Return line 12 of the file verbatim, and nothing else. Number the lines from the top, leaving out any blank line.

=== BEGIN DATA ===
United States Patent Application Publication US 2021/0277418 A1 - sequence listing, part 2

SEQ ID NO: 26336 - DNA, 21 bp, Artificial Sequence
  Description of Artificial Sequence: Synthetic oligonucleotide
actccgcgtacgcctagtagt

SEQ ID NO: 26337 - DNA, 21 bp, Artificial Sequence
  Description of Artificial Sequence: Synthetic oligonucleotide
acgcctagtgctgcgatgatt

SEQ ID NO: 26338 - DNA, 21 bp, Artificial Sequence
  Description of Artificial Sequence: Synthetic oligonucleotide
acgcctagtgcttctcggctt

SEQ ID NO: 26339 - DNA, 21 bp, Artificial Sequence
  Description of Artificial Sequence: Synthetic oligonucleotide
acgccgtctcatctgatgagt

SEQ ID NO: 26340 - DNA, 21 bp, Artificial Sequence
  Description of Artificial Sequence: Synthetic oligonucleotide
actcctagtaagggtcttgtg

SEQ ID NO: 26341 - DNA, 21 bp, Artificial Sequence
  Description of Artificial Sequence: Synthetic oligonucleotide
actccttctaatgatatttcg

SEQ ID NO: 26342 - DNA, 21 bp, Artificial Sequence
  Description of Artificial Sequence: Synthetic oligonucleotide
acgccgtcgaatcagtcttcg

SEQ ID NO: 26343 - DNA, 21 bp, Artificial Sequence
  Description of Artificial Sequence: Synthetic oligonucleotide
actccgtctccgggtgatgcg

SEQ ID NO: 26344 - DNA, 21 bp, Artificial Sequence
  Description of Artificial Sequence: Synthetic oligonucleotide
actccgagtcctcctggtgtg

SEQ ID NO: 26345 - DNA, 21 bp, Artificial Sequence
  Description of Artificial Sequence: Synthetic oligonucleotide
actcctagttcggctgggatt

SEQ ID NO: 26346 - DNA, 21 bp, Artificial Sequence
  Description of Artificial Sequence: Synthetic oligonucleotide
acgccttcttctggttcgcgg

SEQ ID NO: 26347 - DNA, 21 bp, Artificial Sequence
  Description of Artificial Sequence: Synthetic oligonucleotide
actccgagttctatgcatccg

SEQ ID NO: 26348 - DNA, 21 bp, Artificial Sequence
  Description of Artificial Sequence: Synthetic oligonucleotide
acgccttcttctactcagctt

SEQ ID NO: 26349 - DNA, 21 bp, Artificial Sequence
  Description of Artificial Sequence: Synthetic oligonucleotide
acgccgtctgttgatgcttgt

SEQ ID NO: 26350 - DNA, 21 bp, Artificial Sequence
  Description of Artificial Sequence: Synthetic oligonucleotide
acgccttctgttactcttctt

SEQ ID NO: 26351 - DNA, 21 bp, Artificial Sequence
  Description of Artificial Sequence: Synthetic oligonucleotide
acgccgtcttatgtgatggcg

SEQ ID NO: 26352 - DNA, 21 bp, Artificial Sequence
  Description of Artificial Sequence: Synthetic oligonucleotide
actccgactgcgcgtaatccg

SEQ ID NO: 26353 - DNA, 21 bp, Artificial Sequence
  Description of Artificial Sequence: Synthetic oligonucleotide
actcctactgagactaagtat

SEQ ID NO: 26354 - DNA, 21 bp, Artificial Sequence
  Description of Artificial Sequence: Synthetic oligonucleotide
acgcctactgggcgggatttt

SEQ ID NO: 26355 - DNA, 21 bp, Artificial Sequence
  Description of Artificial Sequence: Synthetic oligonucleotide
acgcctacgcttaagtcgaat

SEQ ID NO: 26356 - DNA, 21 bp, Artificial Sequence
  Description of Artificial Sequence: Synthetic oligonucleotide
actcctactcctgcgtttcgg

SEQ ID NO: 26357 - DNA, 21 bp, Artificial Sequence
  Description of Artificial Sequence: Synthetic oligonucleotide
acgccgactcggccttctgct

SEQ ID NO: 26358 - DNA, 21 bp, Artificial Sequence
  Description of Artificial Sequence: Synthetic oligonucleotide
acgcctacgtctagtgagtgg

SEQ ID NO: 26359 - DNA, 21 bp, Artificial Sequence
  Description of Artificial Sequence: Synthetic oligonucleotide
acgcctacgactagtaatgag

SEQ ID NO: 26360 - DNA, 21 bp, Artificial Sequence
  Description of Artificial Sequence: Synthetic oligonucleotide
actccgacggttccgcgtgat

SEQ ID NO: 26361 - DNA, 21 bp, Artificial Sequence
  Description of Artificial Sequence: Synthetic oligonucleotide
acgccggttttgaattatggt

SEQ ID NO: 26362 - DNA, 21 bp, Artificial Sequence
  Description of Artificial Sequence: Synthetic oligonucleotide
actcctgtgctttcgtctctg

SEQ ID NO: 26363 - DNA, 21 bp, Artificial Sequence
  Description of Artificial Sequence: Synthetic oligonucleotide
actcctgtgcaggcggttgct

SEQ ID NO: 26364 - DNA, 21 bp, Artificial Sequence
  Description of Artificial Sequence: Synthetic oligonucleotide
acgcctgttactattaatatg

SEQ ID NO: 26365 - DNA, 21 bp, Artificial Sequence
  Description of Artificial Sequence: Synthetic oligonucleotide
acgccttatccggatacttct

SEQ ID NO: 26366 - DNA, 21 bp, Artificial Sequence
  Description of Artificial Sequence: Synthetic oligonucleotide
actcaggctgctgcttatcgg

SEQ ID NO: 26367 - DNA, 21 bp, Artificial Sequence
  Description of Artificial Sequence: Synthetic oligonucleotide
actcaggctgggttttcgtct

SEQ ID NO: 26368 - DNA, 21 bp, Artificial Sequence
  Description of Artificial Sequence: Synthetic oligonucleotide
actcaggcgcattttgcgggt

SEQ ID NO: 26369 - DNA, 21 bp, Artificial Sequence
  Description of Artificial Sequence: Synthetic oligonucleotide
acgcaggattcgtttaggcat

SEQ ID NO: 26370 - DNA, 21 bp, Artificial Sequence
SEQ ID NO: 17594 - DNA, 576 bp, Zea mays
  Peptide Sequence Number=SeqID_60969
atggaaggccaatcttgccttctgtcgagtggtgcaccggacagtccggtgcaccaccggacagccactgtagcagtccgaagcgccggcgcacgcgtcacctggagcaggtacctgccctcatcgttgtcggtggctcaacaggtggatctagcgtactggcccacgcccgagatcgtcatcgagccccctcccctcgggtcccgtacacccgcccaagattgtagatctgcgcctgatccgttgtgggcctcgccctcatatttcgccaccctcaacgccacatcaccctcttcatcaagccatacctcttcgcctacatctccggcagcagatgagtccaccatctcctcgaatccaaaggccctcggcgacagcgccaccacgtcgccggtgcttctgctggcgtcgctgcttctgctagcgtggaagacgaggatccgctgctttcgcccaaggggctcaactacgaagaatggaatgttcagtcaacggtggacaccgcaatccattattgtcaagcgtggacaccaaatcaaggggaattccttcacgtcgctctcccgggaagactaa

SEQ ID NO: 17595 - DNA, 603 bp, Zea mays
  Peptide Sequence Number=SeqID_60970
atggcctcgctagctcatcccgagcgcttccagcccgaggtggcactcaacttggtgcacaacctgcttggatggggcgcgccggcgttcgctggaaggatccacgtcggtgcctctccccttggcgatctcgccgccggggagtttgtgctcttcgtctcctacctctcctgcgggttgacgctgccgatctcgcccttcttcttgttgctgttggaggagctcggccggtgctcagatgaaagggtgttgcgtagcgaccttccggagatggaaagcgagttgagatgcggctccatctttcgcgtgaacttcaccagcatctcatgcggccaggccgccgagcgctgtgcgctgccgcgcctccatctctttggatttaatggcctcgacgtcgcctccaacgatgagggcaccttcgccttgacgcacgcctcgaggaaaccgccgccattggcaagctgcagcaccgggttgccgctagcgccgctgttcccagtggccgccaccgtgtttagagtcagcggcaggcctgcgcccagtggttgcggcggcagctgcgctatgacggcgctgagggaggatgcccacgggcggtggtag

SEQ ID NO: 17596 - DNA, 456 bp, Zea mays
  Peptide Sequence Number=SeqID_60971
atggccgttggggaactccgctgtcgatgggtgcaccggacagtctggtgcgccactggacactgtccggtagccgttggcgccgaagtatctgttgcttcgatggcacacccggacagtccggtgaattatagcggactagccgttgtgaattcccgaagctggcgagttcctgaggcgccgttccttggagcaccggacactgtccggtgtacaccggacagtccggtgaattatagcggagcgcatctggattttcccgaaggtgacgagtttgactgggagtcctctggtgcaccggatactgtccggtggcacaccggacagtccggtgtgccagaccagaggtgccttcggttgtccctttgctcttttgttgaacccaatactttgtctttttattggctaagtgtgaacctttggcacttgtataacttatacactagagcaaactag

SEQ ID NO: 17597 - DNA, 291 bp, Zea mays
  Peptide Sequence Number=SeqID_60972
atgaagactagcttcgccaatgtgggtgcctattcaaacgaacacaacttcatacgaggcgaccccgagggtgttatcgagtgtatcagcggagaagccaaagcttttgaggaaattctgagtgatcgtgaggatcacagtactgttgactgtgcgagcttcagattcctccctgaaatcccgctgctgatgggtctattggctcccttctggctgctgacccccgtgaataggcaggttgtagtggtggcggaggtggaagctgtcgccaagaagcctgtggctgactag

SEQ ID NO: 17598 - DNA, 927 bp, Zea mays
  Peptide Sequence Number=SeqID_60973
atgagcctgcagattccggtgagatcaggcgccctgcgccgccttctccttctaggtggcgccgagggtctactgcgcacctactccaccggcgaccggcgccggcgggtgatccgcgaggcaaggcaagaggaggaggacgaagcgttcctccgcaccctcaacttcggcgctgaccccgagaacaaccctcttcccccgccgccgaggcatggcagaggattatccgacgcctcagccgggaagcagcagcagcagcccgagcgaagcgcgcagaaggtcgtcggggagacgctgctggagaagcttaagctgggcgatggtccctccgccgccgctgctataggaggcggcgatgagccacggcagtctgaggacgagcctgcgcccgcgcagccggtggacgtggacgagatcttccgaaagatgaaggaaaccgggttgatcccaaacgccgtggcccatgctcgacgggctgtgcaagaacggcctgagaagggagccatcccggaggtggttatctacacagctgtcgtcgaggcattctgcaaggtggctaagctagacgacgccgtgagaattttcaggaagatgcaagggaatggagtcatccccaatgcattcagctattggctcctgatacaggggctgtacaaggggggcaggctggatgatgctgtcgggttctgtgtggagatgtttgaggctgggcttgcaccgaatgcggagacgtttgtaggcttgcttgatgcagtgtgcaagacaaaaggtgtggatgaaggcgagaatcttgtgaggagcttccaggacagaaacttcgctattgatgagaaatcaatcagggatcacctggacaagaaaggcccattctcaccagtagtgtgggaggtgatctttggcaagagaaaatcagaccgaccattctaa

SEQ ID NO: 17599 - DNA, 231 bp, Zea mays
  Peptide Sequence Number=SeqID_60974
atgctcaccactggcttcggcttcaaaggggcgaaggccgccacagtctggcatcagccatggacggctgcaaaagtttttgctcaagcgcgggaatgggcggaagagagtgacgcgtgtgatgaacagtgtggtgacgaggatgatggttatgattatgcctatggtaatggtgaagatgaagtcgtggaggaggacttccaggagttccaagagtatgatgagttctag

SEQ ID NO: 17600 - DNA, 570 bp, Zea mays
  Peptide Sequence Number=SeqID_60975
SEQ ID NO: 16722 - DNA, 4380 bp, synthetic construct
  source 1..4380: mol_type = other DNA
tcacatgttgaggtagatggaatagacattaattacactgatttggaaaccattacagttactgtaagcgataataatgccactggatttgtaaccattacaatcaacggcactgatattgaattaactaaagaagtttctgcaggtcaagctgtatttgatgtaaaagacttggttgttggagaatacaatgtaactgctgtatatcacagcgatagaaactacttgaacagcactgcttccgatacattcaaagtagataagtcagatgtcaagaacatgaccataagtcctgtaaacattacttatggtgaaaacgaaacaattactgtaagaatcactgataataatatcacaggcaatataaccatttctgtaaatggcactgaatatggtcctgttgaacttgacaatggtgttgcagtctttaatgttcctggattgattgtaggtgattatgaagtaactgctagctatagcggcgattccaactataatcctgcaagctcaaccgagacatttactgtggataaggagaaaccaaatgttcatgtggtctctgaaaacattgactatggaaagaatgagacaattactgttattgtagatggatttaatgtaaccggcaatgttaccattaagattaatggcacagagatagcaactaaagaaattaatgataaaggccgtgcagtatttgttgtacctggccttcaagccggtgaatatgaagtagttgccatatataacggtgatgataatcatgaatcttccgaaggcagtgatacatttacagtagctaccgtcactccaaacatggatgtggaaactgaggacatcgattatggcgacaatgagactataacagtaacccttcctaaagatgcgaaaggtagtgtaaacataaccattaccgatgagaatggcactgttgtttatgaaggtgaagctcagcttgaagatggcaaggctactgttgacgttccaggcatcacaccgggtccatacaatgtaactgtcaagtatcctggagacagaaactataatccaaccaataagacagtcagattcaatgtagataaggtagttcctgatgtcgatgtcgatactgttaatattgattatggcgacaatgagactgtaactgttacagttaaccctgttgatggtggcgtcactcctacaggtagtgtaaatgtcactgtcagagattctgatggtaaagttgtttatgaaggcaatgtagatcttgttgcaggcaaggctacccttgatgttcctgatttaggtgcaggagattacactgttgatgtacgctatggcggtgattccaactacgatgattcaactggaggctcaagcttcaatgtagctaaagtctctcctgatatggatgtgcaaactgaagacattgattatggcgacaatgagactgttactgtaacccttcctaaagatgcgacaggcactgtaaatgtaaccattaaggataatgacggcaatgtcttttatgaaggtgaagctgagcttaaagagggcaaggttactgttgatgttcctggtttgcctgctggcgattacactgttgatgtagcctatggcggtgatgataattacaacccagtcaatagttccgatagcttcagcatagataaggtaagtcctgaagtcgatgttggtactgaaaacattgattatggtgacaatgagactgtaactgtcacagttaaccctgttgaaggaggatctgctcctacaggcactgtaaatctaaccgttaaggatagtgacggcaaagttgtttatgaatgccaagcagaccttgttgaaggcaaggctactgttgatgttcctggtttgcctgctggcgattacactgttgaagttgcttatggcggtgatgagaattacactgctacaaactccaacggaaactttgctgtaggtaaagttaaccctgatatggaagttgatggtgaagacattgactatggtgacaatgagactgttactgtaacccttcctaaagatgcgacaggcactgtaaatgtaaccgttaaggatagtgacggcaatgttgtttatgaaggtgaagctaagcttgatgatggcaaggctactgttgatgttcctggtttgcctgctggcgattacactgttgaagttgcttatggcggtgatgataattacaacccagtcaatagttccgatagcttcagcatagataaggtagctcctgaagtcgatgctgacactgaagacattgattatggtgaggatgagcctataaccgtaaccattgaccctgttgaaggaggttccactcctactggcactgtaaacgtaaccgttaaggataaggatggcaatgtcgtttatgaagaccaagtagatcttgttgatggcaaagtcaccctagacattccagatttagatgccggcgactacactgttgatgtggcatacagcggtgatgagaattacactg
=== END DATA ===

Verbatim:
  Description of Artificial Sequence: Synthetic oligonucleotide